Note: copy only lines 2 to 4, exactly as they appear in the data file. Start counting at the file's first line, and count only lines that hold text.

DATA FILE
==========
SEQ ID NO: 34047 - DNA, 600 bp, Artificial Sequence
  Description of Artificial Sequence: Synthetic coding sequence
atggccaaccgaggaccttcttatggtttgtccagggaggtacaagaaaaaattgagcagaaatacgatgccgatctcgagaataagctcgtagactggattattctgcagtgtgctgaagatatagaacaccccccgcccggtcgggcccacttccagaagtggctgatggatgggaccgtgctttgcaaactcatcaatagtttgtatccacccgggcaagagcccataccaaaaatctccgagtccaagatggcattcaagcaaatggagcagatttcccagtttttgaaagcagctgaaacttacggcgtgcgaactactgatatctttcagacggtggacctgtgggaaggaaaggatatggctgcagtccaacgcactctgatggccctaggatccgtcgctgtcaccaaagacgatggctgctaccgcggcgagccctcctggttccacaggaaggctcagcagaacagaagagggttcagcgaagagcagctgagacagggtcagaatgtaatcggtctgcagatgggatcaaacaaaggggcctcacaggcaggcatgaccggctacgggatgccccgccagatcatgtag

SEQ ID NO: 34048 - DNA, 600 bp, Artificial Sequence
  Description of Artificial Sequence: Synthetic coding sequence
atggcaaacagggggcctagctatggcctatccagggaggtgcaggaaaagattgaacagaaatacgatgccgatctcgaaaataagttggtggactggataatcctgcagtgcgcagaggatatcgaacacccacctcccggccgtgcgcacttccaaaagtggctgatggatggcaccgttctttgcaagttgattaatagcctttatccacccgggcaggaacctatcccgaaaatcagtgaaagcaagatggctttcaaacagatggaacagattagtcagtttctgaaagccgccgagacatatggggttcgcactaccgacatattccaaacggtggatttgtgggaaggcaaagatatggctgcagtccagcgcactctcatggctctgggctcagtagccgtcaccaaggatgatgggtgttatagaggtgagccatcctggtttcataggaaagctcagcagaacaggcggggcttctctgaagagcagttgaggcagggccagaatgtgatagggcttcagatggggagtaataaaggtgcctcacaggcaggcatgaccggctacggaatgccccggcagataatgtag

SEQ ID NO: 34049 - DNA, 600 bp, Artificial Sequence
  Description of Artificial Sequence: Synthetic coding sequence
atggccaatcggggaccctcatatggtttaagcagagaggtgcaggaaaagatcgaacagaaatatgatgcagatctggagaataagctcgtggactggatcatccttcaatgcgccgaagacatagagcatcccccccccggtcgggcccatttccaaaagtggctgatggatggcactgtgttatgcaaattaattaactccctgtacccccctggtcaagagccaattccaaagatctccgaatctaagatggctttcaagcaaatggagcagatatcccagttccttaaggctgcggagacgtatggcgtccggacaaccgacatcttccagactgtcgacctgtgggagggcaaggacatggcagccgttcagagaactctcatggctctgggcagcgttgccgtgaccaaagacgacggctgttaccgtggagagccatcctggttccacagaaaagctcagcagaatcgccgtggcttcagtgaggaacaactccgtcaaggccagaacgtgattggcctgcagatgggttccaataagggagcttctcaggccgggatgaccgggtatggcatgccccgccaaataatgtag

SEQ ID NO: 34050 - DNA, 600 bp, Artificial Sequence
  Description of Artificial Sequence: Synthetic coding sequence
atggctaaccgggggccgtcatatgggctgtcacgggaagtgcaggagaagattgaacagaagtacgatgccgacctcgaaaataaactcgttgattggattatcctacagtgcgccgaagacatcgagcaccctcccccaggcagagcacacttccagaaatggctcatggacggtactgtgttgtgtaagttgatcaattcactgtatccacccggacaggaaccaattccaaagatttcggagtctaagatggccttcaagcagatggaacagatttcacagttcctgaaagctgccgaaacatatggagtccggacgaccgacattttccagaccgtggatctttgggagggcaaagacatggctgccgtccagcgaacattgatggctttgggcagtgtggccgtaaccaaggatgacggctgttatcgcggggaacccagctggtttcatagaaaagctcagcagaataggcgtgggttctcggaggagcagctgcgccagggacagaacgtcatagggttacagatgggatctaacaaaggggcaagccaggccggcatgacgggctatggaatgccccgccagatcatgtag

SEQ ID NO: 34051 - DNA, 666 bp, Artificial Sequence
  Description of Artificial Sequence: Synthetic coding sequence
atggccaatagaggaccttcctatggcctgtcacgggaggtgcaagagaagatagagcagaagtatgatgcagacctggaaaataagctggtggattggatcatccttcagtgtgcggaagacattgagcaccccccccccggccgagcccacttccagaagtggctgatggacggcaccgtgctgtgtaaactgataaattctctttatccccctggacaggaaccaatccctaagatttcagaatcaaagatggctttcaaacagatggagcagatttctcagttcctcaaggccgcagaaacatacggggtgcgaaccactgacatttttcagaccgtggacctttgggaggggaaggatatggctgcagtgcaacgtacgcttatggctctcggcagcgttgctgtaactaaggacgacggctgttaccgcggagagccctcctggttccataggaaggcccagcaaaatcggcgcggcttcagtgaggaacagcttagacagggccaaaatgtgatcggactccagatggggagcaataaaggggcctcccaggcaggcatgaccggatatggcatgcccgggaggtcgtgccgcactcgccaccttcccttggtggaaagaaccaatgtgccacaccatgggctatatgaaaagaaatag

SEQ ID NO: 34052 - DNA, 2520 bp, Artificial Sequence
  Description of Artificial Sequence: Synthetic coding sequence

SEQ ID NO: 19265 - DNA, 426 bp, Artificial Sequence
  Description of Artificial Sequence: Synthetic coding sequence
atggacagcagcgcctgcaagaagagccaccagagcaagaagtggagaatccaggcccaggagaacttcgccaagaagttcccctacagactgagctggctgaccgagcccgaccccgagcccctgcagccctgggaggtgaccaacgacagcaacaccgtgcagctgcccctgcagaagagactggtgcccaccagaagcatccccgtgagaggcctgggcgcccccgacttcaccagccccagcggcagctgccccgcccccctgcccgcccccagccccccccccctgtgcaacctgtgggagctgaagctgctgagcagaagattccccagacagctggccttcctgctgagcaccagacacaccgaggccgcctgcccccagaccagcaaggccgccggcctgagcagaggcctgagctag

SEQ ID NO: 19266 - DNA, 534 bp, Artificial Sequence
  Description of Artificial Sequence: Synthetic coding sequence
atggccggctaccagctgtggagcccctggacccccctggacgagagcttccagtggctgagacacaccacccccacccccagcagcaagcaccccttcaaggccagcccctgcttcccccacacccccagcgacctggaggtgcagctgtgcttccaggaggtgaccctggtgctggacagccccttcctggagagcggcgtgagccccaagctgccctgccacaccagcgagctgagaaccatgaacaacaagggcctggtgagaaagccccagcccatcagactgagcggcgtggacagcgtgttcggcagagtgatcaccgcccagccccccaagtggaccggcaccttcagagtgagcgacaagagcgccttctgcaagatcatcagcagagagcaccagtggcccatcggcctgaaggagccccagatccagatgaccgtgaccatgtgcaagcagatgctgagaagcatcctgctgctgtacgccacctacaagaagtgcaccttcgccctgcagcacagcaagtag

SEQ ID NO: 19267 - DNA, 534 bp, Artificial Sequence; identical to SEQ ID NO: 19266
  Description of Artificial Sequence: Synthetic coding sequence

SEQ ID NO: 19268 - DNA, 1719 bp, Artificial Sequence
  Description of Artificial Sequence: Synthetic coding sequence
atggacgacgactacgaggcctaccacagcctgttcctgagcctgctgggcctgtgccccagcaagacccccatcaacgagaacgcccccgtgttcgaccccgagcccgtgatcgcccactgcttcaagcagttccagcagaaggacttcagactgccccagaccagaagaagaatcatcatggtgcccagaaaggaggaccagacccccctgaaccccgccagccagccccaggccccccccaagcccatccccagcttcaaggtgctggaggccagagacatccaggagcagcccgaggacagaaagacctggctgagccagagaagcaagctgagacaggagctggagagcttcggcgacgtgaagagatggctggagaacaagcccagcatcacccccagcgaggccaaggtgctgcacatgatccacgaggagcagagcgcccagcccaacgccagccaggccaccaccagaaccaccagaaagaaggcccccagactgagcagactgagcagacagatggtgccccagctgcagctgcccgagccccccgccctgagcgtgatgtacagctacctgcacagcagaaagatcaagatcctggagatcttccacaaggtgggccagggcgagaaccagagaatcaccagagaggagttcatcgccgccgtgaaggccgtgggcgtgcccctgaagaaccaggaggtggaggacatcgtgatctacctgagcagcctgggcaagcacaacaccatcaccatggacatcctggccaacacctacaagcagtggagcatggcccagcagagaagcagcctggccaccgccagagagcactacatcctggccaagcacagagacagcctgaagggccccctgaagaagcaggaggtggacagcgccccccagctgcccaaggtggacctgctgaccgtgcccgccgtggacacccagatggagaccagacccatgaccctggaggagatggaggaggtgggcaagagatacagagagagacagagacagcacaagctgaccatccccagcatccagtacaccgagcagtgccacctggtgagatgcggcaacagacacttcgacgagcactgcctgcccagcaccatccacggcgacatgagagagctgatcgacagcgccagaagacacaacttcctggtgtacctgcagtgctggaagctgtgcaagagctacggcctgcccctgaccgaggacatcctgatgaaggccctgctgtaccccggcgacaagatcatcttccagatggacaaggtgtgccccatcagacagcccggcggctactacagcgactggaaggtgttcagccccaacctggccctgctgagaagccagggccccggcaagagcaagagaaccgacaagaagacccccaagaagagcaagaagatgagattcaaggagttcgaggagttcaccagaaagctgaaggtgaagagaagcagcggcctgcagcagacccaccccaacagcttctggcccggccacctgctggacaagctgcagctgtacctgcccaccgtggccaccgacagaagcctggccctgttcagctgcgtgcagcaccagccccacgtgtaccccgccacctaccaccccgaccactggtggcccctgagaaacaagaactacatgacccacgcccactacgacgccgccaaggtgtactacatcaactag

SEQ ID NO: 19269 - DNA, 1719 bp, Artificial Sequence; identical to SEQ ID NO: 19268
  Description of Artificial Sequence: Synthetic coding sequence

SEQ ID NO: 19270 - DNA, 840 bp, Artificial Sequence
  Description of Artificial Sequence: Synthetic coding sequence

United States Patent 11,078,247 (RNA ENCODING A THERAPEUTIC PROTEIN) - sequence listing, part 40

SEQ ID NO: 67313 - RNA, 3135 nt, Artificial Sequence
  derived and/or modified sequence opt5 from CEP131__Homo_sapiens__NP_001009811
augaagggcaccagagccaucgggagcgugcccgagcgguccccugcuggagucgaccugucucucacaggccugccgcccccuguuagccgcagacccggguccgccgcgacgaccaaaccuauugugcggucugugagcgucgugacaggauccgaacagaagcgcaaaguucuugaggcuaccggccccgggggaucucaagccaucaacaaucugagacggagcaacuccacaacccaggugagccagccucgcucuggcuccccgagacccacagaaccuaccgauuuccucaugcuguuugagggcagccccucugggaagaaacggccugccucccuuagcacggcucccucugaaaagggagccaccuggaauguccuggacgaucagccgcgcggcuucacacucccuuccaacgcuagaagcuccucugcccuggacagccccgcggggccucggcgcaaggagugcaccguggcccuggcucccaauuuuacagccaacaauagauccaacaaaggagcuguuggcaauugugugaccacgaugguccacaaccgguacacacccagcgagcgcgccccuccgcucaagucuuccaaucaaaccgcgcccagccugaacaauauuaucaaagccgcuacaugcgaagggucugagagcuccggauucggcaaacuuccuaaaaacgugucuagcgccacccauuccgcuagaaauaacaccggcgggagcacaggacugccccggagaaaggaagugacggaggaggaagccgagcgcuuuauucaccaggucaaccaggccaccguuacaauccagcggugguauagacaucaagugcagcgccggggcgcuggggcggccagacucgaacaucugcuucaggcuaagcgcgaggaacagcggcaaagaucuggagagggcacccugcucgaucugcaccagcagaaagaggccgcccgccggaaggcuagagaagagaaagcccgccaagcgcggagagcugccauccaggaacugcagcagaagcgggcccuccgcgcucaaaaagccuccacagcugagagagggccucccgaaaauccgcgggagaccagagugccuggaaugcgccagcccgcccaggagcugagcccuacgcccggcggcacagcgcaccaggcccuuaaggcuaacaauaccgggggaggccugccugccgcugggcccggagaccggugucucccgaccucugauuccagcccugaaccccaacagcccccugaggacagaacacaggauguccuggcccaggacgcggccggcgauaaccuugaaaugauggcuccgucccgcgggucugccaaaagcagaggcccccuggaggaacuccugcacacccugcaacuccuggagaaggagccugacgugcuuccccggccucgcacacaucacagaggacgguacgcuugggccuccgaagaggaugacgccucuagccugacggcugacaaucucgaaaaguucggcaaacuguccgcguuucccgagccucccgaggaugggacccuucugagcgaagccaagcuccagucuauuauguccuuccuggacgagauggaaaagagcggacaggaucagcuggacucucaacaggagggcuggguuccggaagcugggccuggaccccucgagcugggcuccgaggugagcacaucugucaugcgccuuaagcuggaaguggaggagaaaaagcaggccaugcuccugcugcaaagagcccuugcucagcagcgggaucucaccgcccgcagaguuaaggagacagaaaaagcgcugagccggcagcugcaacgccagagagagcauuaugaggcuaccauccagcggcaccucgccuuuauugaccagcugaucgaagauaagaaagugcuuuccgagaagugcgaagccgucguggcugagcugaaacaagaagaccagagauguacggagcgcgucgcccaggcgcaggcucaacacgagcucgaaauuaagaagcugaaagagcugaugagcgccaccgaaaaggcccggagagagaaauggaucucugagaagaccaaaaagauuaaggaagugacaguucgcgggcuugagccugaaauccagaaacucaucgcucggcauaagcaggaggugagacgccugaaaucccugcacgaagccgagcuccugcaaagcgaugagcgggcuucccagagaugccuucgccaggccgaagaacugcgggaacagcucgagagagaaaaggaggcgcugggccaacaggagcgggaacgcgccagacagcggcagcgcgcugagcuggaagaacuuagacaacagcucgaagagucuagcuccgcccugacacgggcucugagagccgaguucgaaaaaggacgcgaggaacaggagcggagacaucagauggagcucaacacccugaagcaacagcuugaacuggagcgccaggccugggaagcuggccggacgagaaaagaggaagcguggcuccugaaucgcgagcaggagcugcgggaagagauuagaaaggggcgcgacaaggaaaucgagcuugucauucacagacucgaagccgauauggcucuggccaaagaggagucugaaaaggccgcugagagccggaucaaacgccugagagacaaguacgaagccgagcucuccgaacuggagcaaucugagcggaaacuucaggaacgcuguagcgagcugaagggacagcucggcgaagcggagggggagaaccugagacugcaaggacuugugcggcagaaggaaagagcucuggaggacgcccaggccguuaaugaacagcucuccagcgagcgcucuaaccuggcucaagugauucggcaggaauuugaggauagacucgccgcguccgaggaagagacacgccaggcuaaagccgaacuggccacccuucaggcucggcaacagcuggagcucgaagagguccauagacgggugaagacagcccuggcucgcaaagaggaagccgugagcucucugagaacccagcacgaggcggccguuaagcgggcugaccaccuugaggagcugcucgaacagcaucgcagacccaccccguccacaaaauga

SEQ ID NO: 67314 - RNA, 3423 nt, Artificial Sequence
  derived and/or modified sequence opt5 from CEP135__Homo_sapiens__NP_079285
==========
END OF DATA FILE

  Description of Artificial Sequence: Synthetic coding sequence
atggccaaccgaggaccttcttatggtttgtccagggaggtacaagaaaaaattgagcagaaatacgatgccgatctcgagaataagctcgtagactggattattctgcagtgtgctgaagatatagaacaccccccgcccggtcgggcccacttccagaagtggctgatggatgggaccgtgctttgcaaactcatcaatagtttgtatccacccgggcaagagcccataccaaaaatctccgagtccaagatggcattcaagcaaatggagcagatttcccagtttttgaaagcagctgaaacttacggcgtgcgaactactgatatctttcagacggtggacctgtgggaaggaaaggatatggctgcagtccaacgcactctgatggccctaggatccgtcgctgtcaccaaagacgatggctgctaccgcggcgagccctcctggttccacaggaaggctcagcagaacagaagagggttcagcgaagagcagctgagacagggtcagaatgtaatcggtctgcagatgggatcaaacaaaggggcctcacaggcaggcatgaccggctacgggatgccccgccagatcatgtag

SEQ ID NO: 34048 - DNA, 600 bp, Artificial Sequence